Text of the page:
Editors' ChoiceCellular Metabolism

Nitrogen stress activates AMPK

Sci. Signal.  24 Feb 2015:
Vol. 8, Issue 365, pp. ec41
DOI: 10.1126/scisignal.aaa9587

The removal of all nitrogen sources from the growth medium (nitrogen starvation) causes the fission yeast Schizosaccharomyces pombe to undergo mitotic arrest. However, transferring S. pombe from medium containing a good nitrogen source (glutamate) to medium containing a poor nitrogen source (proline) causes nitrogen stress, during which the cells continue to proliferate but are smaller than cells grown on glutamate. Davie et al. found that nitrogen stress reduced the size threshold for mitotic commitment in S. pombe. Using proline consumes more energy than does using glutamate, and transferring cells from glutamate- to proline-containing growth medium indeed induced a transient reduction in adenosine triphosphate (ATP) abundance, but the cells recovered within a few minutes. A reduction in the amount of ATP relative to that of AMP activates adenosine monophosphate (AMP)–activated protein kinase (AMPK), which in turn inhibits signaling through the target of rapamycin complex 1 (TORC1) to reduce protein synthesis and cell growth. The catalytic AMPK α subunit Ssp2 (AMPKαSsp2) was required to reduce the mitotic size threshold in response to nitrogen stress, and cells lacking AMPKαSsp2 had increased TORC1 signaling. The regulatory β and γ subunits, which mediate activation of AMPK in response to reduced ATP, were not required for the response to nitrogen stress, implying that the transient drop in ATP abundance after the induction of nitrogen stress was not responsible for AMPK activation in this context. Additional experiments indicated that AMPKαSsp2 was not required for TORC1 inhibition induced by amino acid deprivation. In cells grown on glutamate-containing medium, the calcium/calmodulin–dependent protein kinase kinase (CaMKK) homolog Ssp1 (CaMKKSsp1) and protein phosphatase 2C (PP2C) maintained the steady-state phosphorylation status of AMPKαSsp2. Nitrogen starvation increases CaMKKSsp1-mediated phosphorylation of AMPKαSsp2 and nuclear translocation of AMPK, resulting in mitotic arrest. However, the reduction in the mitotic size threshold caused by nitrogen stress required CaMKKPpk34-mediated phosphorylation of AMPKαSsp2. It is possible that changing nitrogen conditions also modulate signaling through mammalian TORC1 (mTORC1), because replacing glutamine in the culture medium with ammonia, a normal metabolic byproduct, transiently inhibited mTORC1 in human Hep3B heptoma cells. Thus, AMPK can modulate TORC1 signaling in response to changes in nitrogen availability in addition to changes in cellular energy status.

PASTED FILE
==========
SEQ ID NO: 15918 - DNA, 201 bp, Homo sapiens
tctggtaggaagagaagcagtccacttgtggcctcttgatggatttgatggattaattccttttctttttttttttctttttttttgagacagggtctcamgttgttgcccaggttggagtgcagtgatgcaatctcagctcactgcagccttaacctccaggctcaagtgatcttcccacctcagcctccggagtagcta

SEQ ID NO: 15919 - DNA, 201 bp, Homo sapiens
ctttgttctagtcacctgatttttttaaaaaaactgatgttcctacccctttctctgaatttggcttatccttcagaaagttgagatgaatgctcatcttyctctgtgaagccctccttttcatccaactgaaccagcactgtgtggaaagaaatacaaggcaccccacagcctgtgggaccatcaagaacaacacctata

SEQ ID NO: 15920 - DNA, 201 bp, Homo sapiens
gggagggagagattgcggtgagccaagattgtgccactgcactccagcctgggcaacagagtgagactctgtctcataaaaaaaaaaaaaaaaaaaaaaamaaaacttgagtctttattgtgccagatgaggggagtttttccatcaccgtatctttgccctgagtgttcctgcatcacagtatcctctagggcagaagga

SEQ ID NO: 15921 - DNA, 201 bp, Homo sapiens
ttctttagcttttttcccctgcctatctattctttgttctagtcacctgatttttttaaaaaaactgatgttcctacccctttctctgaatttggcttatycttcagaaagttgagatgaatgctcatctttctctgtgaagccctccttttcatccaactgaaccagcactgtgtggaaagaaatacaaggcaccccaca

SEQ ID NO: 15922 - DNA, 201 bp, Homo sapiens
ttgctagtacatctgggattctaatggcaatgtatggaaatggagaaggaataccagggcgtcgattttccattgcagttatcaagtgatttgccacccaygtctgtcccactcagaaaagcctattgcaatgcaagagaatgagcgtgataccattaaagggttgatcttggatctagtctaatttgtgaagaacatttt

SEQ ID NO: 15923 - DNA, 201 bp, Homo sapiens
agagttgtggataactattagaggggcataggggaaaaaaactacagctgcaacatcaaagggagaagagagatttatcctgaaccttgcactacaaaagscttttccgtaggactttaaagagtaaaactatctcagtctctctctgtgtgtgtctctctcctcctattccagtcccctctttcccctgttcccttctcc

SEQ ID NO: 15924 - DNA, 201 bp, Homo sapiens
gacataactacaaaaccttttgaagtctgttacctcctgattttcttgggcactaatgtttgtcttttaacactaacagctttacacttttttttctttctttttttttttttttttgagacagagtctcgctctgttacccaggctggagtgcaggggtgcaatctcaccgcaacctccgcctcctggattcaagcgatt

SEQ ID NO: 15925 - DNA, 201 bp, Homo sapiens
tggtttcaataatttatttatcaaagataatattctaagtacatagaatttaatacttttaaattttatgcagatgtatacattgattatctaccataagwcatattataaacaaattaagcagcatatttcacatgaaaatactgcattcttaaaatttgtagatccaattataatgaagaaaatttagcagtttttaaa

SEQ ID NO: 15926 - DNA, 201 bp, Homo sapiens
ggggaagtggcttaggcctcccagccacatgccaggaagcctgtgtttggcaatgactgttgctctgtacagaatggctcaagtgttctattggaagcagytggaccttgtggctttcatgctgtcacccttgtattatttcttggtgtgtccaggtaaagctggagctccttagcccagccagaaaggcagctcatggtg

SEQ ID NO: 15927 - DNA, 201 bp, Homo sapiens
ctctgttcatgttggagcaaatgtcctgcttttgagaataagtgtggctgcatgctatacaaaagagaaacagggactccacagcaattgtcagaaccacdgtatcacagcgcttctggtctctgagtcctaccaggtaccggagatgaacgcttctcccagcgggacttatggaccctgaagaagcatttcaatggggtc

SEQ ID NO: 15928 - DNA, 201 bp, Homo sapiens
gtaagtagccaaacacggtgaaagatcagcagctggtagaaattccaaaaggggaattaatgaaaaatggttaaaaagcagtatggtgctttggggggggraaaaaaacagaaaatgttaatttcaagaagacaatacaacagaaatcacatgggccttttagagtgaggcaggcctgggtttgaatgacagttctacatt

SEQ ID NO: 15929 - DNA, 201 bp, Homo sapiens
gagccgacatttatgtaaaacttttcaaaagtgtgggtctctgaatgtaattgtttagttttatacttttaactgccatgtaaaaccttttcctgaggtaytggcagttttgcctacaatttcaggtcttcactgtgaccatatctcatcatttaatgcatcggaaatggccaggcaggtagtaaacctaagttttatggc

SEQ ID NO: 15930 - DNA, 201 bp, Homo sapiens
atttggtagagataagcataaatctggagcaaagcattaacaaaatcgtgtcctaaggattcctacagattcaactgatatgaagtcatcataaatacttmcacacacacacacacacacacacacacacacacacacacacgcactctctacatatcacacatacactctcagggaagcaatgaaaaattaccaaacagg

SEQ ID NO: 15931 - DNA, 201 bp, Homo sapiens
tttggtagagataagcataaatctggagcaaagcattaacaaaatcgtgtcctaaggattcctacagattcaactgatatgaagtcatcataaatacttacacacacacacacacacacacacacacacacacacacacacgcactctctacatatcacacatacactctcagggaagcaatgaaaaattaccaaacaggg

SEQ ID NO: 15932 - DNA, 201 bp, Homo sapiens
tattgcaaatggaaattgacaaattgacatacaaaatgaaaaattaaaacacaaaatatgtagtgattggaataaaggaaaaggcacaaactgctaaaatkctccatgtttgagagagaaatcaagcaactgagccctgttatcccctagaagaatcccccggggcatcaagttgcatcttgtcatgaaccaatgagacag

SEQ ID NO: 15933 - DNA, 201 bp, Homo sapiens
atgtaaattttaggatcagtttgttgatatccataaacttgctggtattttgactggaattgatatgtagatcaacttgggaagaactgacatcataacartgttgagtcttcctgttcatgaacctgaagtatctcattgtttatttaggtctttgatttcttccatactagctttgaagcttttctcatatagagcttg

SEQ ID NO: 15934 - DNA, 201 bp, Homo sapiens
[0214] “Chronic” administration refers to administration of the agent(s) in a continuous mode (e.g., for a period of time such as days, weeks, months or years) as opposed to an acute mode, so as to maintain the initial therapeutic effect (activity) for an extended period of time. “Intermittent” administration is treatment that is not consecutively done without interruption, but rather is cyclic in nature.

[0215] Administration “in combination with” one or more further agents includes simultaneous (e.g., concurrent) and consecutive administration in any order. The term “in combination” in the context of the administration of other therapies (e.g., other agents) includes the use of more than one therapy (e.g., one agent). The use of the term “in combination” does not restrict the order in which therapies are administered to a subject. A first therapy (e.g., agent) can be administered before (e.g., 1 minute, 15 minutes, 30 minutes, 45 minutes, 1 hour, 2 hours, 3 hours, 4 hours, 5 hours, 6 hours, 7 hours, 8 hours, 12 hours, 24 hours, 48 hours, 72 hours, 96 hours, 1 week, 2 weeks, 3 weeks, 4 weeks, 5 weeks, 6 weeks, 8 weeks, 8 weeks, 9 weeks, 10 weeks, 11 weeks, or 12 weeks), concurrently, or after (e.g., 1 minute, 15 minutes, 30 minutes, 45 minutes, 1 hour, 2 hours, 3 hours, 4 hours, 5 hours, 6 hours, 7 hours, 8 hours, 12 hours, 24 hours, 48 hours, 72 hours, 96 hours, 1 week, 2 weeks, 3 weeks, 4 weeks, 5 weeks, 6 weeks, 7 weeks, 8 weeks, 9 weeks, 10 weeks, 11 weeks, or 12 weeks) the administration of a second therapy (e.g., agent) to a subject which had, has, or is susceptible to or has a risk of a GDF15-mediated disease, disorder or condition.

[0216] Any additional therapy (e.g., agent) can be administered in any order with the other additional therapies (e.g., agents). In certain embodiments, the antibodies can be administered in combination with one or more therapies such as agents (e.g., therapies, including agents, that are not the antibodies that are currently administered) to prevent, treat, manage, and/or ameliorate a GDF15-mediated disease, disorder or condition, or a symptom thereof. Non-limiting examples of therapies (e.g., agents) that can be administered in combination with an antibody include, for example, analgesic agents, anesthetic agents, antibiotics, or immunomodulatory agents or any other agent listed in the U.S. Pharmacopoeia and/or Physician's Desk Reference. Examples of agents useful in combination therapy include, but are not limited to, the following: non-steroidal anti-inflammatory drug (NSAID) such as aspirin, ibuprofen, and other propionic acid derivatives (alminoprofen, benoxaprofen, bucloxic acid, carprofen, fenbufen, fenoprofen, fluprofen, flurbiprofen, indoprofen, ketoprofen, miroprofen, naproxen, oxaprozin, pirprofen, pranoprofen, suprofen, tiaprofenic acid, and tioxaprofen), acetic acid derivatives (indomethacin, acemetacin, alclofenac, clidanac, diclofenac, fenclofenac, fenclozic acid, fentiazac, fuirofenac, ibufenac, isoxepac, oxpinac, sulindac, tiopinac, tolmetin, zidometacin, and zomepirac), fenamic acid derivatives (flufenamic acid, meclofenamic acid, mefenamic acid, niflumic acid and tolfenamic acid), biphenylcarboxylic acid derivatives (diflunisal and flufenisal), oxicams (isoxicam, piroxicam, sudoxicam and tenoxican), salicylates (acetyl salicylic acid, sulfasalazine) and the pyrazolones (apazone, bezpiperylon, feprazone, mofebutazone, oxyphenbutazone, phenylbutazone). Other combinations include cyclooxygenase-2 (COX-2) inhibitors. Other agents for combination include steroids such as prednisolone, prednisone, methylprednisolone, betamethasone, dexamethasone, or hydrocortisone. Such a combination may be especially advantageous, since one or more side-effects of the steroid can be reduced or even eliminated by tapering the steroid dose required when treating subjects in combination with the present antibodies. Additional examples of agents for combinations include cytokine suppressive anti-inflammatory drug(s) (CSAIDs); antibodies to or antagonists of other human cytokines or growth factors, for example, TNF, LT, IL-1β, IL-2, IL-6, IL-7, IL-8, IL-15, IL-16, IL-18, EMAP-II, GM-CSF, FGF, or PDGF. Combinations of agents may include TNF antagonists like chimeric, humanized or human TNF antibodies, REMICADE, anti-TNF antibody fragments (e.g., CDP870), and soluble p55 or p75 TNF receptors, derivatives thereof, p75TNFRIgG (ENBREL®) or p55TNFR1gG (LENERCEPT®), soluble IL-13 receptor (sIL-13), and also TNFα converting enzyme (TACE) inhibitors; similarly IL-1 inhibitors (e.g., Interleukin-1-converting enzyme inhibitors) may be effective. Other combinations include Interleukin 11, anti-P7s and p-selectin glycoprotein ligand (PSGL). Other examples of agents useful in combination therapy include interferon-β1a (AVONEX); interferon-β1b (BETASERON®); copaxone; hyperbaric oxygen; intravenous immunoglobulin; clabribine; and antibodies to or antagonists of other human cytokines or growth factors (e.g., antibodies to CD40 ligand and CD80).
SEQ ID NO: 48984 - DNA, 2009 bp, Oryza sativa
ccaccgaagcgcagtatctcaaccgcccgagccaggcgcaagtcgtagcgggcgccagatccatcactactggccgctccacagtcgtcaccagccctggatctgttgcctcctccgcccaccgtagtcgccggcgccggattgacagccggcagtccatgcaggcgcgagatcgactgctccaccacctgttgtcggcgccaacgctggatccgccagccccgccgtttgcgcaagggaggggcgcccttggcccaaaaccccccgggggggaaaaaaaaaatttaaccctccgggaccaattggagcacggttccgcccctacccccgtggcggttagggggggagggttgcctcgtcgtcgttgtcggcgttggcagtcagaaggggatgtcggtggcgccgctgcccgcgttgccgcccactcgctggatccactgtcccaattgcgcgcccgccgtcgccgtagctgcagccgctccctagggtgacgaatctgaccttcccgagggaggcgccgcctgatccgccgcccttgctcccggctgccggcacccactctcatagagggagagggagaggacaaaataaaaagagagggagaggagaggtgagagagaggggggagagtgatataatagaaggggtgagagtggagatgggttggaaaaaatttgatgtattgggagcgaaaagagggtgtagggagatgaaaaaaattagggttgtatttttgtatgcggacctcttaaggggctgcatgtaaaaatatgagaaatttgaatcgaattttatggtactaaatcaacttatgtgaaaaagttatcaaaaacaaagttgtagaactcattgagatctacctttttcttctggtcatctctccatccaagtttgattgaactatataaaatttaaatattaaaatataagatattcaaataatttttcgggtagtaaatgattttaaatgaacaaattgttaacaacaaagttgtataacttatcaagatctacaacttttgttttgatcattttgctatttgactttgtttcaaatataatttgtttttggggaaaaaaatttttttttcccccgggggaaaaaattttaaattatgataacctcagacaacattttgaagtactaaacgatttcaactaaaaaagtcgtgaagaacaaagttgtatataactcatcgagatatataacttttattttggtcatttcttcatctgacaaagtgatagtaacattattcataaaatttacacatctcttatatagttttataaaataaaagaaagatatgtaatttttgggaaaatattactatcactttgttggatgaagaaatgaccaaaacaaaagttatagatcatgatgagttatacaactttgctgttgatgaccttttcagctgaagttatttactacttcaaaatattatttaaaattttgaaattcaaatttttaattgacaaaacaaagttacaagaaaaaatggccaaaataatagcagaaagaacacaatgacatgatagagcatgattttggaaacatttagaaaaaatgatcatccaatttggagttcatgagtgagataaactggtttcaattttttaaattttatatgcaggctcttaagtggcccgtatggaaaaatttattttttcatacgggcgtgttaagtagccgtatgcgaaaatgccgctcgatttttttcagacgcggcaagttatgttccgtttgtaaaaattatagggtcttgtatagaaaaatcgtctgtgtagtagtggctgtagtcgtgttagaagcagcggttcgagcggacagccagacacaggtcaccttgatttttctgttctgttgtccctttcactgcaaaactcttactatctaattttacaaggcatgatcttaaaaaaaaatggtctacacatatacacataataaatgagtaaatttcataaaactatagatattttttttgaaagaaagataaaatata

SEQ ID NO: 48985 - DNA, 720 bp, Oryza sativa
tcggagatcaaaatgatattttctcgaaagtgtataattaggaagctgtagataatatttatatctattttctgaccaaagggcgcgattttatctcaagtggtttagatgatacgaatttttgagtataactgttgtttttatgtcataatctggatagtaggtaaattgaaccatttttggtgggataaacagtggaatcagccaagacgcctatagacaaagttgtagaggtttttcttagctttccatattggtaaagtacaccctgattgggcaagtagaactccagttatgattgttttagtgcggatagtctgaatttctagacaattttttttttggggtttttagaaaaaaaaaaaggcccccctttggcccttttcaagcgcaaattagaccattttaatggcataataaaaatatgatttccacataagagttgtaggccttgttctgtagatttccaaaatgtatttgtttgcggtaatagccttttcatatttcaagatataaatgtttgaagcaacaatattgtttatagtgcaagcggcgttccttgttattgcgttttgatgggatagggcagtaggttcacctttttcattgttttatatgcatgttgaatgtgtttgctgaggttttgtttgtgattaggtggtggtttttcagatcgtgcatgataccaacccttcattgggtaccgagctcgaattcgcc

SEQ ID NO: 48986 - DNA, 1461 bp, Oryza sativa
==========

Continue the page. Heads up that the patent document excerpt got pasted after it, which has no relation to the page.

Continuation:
E. Davie, G. M. A. Forte, J. Petersen, Nitrogen regulates AMPK to control TORC1 signaling. Curr. Biol. 25, 445–454 (2015). [PubMed]